The phenomenology of caffeine

I have been incrementally decreasing the amount of black tea and coffee I drink in order to observe the effects of caffeine on the quality of my attention. I no longer drink English breakfast tea at noon or in the afternoon, and I have less than two cups of coffee in the morning. Soon, I will have only one cup of coffee and then perhaps none.

I have concluded that caffeine impoverishes the quality of one’s attention. The mode of being of the person under the influence of caffeine can be most accurately described as self-assertiveness: I am not a thinking or contemplative being but a frantic force moving through the world.

There are four essential features of self-assertiveness when it is grasped under the influence of caffeine:

  1. Velocity. The self is rapidly moving onward. It has many things to do this very instant; it has plenty of jumbled, disjointed ideas; it uses lots of words. The self is frantic, pitched forward, always moving–nearly careening–onto the next.
  2. Assertiveness. The self asserts its presence as a self to be reckoned with. Others are either ‘yes-men,’ going along with its ideas or movements, or impediments, i.e., obstacles to be pushed out of the way or surmounted. As a self to be reckoned with, the caffeinated person grows distant and seeks power.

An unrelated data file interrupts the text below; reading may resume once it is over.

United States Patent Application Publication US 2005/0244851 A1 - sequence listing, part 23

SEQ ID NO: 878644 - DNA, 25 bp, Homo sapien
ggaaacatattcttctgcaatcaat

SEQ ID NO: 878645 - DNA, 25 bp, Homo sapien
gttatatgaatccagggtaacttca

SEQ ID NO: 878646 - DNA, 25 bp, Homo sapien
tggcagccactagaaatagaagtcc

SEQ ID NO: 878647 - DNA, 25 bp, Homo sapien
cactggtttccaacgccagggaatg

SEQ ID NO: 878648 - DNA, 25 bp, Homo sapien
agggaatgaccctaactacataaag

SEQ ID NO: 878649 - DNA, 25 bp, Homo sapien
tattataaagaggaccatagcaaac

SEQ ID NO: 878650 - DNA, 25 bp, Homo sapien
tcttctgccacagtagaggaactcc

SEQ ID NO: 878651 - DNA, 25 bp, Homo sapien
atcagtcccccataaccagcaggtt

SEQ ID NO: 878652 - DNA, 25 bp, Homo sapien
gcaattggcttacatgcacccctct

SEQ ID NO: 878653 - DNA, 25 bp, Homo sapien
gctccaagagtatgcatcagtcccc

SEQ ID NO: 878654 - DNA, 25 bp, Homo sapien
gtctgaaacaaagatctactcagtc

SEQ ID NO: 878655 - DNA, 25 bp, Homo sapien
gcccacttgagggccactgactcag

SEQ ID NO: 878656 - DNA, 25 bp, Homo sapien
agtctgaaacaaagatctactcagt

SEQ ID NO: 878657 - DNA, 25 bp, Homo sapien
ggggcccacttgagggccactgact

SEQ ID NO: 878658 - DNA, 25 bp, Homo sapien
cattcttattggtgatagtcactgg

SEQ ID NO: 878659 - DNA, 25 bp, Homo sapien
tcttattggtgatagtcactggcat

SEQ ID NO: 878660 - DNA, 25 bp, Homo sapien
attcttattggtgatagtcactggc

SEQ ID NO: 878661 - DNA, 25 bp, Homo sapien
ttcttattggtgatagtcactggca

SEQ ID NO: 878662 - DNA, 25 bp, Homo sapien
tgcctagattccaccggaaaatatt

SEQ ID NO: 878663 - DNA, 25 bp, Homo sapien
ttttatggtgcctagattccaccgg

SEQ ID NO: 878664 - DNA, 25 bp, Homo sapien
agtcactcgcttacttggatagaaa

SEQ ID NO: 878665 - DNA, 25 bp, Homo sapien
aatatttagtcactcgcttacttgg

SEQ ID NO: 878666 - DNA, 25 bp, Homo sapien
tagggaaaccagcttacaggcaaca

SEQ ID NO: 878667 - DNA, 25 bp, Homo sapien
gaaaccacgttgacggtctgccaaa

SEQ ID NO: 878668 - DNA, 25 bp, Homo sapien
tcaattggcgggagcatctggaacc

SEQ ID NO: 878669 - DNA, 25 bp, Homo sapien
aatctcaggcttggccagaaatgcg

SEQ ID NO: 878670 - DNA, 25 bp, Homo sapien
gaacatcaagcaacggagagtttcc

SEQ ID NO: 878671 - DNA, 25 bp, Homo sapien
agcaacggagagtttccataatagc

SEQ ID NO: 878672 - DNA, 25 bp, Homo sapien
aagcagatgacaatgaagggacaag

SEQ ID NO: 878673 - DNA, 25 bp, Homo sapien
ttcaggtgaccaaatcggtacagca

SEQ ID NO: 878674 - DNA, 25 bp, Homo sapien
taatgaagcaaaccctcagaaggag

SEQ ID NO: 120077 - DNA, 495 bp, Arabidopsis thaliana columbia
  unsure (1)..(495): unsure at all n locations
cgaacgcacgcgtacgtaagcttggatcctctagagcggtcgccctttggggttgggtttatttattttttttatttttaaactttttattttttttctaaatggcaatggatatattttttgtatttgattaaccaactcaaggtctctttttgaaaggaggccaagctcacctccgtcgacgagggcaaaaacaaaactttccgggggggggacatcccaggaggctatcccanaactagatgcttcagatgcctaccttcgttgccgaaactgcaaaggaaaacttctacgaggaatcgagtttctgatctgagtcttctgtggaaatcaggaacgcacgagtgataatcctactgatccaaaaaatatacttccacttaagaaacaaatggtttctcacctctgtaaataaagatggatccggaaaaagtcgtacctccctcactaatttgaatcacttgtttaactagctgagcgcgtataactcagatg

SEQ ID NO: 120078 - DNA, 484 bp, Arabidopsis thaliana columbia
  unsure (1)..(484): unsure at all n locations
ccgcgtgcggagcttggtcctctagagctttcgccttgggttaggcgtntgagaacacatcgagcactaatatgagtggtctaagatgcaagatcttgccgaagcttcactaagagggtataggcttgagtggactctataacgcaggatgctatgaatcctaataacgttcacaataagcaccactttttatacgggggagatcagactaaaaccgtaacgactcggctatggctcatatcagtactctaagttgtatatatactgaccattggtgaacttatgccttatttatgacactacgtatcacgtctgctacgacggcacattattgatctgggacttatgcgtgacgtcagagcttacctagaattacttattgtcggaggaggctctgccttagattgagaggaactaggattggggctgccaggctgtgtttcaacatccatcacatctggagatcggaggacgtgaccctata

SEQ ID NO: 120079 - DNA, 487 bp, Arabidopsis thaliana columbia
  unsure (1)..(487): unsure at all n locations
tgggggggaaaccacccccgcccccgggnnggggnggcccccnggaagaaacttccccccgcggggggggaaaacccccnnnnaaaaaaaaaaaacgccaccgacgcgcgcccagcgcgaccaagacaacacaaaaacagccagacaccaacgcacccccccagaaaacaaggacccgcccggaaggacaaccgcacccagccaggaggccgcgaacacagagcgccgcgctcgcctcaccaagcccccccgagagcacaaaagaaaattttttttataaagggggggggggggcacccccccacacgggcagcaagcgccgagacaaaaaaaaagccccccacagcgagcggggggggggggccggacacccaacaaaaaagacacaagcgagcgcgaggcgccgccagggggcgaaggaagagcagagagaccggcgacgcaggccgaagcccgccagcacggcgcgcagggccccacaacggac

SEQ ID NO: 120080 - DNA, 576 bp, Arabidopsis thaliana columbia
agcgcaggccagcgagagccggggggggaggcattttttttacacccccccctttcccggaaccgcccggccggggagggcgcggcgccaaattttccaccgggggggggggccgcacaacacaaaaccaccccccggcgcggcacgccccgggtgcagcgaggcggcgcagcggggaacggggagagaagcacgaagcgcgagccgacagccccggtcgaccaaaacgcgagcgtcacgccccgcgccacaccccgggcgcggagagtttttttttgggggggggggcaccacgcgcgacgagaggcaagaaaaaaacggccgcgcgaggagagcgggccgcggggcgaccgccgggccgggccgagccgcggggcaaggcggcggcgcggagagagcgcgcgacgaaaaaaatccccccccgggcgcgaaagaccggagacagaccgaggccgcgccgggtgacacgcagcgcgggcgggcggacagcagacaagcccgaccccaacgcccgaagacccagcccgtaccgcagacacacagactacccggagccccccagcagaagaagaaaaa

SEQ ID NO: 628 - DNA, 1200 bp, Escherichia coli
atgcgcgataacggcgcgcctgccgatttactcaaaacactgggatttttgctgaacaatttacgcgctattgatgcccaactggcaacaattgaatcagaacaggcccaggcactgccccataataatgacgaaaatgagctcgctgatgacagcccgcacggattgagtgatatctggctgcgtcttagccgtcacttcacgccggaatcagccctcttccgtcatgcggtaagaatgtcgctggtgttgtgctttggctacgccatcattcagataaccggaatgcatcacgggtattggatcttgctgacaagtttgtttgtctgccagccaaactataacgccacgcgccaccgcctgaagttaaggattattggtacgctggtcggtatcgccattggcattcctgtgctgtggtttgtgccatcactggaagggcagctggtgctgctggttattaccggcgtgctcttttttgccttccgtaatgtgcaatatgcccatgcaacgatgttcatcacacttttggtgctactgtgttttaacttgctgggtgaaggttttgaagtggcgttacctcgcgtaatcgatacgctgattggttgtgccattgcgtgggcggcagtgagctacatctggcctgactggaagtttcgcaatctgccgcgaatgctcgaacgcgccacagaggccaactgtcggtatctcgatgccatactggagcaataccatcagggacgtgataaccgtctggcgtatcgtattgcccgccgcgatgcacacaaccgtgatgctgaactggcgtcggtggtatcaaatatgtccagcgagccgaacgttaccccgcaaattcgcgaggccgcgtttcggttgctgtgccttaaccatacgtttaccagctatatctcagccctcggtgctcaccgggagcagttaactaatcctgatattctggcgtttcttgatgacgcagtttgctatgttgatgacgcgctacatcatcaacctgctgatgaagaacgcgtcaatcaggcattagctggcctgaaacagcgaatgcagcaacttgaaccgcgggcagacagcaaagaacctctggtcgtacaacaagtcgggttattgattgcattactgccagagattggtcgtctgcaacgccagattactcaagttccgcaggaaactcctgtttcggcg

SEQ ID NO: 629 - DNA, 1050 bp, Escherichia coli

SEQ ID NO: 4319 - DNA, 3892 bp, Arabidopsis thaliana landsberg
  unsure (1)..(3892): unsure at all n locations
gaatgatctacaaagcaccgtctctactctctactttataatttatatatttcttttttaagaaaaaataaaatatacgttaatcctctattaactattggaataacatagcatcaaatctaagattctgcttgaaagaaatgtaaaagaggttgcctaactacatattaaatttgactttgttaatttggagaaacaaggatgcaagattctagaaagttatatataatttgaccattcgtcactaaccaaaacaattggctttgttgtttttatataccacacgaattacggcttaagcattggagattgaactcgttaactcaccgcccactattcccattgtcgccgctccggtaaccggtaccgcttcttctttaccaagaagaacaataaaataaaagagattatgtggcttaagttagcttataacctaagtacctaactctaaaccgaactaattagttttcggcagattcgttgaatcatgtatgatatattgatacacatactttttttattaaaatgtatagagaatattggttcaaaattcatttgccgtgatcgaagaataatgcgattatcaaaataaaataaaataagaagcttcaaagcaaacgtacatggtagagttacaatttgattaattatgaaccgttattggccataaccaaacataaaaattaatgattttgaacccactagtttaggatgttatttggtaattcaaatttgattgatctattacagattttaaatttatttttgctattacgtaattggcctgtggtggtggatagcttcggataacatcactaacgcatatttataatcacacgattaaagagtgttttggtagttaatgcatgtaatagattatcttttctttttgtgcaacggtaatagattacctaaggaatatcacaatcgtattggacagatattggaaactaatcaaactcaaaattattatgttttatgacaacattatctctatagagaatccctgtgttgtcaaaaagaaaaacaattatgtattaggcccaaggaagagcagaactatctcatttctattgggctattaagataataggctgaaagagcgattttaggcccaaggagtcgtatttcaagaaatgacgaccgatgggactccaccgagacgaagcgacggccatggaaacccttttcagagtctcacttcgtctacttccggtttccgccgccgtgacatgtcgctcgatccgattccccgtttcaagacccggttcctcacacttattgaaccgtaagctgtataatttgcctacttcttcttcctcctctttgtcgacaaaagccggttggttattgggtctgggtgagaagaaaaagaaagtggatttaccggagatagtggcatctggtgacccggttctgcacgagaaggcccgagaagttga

3. Dulled Aesthetic Sense. The self cannot hold his attention on the hummingbird or the full moon before dusk. He cannot hold the other attentively and lovingly. He cannot listen easily, but only by forcing himself to hold his tongue and listen. His has lost both erotic and aesthetic appreciation.
  4. Value and Intensity. In light of 1-3, his interaction with others tends to be either very pleasurable or very painful, either quite good or especially bad. There is no room for suspending judgment, for being startled and simply looking on, for remaining in a state between pleasure and pain, good and bad, high and low. As a result, the self-assertive man is easily irritated (the other is harming him), overly aggressive (he wants the other to give out of his way), quick-tempered, loud, and feverish.

While one is caffeinated, one is not engaging in dialogue, appreciating the surrounding natural beauties, or contemplating what there is. Caffeine is therefore a fit drug for an atomized capitalist world governed by frantic productivity, maximum efficiency, and ready quantifiability.